1 jar (16 ounces)  grape vine leaves
about 8 tablespoons olive oil
 1 onion, chopped
 3 cloves garlic, chopped
 1 bunch scallions, chopped, use as much of the green part as you can
 3 tbsp fresh mint, chopped                                  
 4 tbsp fresh dill, chopped                                    
 2 tbsp fresh parsley, chopped
 2 lb. lean ground beef 
 1 leek, white part only, finely chopped
 3/4 cup raw long-grain rice
 1/2 cup crushed tomatoes                      
 1/2 cup grated Parmesan cheese
 salt and pepper to taste
 3 or 4 cans (14 ounces each) chicken broth plus water as needed
 juice of two juicy lemons

  • Remove the grape leaves from the jar and discard the briny liquid they were packed in.  Soak them in hot water for one or two hours, changing the water a few times in order to remove the saltiness of the brine.  When you have desalinated the grape leaves, set them aside.  
  • Save all the stems and leaves from the herbs, scallions and leeks that you would ordinarily discard.  Make sure they are rinsed well.
  • Heat 2 tablespoons of the olive oil in a large skillet.  Saute the onions and garlic until the onions are translucent.  Turn off the heat, add the herbs and scallions and mix.  Set the mixture aside.
  • In the same skillet heat 2 tablespoons of olive oil, add the ground meat and leek and cook, stirring, until the meat is browned, about 10 minutes. 
  • Add the tomatoes and 3/4 cup chicken broth.  Season with salt and pepper,  bring to a boil and add the rice.  Lower the heat, cover, and cook until the rice is partially cooked and the liquid has been absorbed.  You don't want the rice to cook all the way, because it will finish cooking later. 
  • Now add the onion and herb mixture to the meat and stir well.  Season again with salt and pepper and set aside, covered, until it's cool enough to handle. Once the filling has cooled, stir in the Parmesan cheese.
ZAP!  I love adding the Parmesan Cheese!
  • Line the bottom of a medium size heavy Dutch oven with the stems and leaves that you have saved.
  • Cut off the stems of the grape leaves.  Now comes the time to start filling them.  Place the shiny side of the leaf down, and set the filling on the duller looking side, where the veins are thicker.  Fill each grape leaf with about 1 tablespoon of the mixture.  Roll up the grape leaf, folding in the sides, so that you have a neat bundle.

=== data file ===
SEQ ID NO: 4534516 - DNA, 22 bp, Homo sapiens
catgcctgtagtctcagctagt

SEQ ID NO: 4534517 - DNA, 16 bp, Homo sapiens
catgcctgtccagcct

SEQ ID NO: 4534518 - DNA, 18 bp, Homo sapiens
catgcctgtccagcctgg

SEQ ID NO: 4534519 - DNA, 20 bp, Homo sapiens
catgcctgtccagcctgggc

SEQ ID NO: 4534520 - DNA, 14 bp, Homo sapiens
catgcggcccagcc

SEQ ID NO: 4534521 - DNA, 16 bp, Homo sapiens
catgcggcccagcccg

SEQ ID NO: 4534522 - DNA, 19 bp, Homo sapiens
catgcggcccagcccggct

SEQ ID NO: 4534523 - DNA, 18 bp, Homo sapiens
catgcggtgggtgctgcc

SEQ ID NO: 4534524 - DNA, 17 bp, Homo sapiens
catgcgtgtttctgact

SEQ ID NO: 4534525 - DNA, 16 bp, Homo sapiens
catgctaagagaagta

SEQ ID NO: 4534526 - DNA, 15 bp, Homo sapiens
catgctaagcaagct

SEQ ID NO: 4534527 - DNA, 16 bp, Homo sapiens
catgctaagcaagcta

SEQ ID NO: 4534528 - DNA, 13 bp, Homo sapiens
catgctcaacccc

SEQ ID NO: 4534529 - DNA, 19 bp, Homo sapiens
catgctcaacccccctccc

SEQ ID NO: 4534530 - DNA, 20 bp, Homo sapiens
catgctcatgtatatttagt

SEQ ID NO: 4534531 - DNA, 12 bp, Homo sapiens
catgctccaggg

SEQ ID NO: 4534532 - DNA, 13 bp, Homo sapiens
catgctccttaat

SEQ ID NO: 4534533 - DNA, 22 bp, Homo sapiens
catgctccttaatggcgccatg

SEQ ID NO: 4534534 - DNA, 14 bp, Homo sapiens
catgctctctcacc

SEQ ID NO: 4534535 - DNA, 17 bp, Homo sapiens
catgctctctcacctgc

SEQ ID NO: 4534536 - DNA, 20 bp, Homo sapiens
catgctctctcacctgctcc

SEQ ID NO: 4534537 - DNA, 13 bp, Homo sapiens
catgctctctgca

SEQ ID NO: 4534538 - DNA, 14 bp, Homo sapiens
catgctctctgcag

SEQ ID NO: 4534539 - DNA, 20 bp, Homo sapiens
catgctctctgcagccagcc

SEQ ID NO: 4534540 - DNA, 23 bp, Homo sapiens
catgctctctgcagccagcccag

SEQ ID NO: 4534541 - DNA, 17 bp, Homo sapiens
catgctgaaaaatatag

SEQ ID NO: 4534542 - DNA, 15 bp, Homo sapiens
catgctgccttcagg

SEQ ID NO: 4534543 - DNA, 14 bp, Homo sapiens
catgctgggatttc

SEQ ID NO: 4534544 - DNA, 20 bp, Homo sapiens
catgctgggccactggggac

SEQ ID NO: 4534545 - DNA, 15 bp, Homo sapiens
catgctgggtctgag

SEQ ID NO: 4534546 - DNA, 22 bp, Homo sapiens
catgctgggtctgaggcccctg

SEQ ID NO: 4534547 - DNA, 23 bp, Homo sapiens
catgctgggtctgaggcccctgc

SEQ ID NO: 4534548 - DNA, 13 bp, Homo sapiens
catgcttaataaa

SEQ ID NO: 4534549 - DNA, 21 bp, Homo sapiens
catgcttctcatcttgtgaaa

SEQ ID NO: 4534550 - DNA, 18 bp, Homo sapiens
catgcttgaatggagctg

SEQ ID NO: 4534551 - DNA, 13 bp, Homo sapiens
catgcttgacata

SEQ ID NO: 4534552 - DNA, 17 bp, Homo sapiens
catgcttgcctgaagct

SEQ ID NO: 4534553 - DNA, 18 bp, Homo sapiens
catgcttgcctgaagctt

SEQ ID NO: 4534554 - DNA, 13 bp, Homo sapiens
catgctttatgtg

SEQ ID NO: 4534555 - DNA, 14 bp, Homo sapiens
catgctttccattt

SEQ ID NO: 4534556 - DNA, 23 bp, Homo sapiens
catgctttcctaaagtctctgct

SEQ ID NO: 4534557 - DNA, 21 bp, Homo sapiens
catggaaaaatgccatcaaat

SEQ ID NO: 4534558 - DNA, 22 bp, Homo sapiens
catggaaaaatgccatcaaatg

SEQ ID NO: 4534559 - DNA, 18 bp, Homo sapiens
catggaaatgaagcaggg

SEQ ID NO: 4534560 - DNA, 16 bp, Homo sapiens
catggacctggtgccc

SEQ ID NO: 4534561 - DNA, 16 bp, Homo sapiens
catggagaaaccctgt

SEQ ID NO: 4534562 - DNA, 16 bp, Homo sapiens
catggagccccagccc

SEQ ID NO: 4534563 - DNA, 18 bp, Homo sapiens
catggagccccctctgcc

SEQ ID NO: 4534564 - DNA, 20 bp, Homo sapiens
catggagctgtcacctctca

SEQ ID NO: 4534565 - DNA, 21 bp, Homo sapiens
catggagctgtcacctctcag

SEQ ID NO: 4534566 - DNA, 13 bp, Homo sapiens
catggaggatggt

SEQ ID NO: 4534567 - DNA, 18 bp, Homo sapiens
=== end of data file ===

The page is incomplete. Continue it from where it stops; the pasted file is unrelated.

• I had lots of grape leaves to stuff, so I moved the show to our breakfast area, were we have a television set.  I spread a few kitchen towels on the breakfast table, I placed a bowl full of filling and a plate of grape leaves on top of the towels, then I sat at the table and turned on the TV.  I watched some TV, I stuffed some grape leaves, and that was the easy way to go about it, especially since my back was aching.  Below I have some pictures that show the basic steps of rolling grape leaves.  
    • Fit the stuffed grape leaves, seam side down, on top of the stems in the Dutch oven.  Pack them in tightly.  Place a second layer on top, keeping the same pattern of layering.  This is done so that the cooking liquid can penetrate all layers.
    I placed my trusty Dutch oven on the breakfast table.  I sat down, turned on the TV and started stuffing the grape leaves.  They went into the pot one by one.  My mother was sitting next to me and was helping.  She can be pretty bossy, so the TV was set to PBS, nothing wrong with that, except that Lawrence Welk, her favorite, was on.  Mr. Welk, the heartthrob of the octogenarian female!  Anyway, on with the cooking....  
    • Sprinkle the rest of the olive oil over the grape leaves, then add the lemon juice and enough chicken broth to cover. If during cooking you run out of chicken broth just add water. 
    • Take a plate that will fit into the cooking pot and wrap it in aluminum foil, then wrap it in parchment paper.  Place it upside down on top of the grape leaves. This will weigh them down to prevent them from floating around in the pan. Place the lid on the Dutch oven.
    • Cook in a preheated 350° F oven for about 2 hours.  Once in a while during cooking, check to make sure there is enough liquid in the pot.  If it gets too low, just add some more.  The cooking time is long, but that's because the grape leaves have to soften and get as tender as the filling.

    • The grape leaves can be served warm or at room temperature.  Those stems that lined the cooking pot can be discarded, they were there just to add extra flavor.  I hope you make these and enjoy them in good health!

    Tuesday, April 17, 2012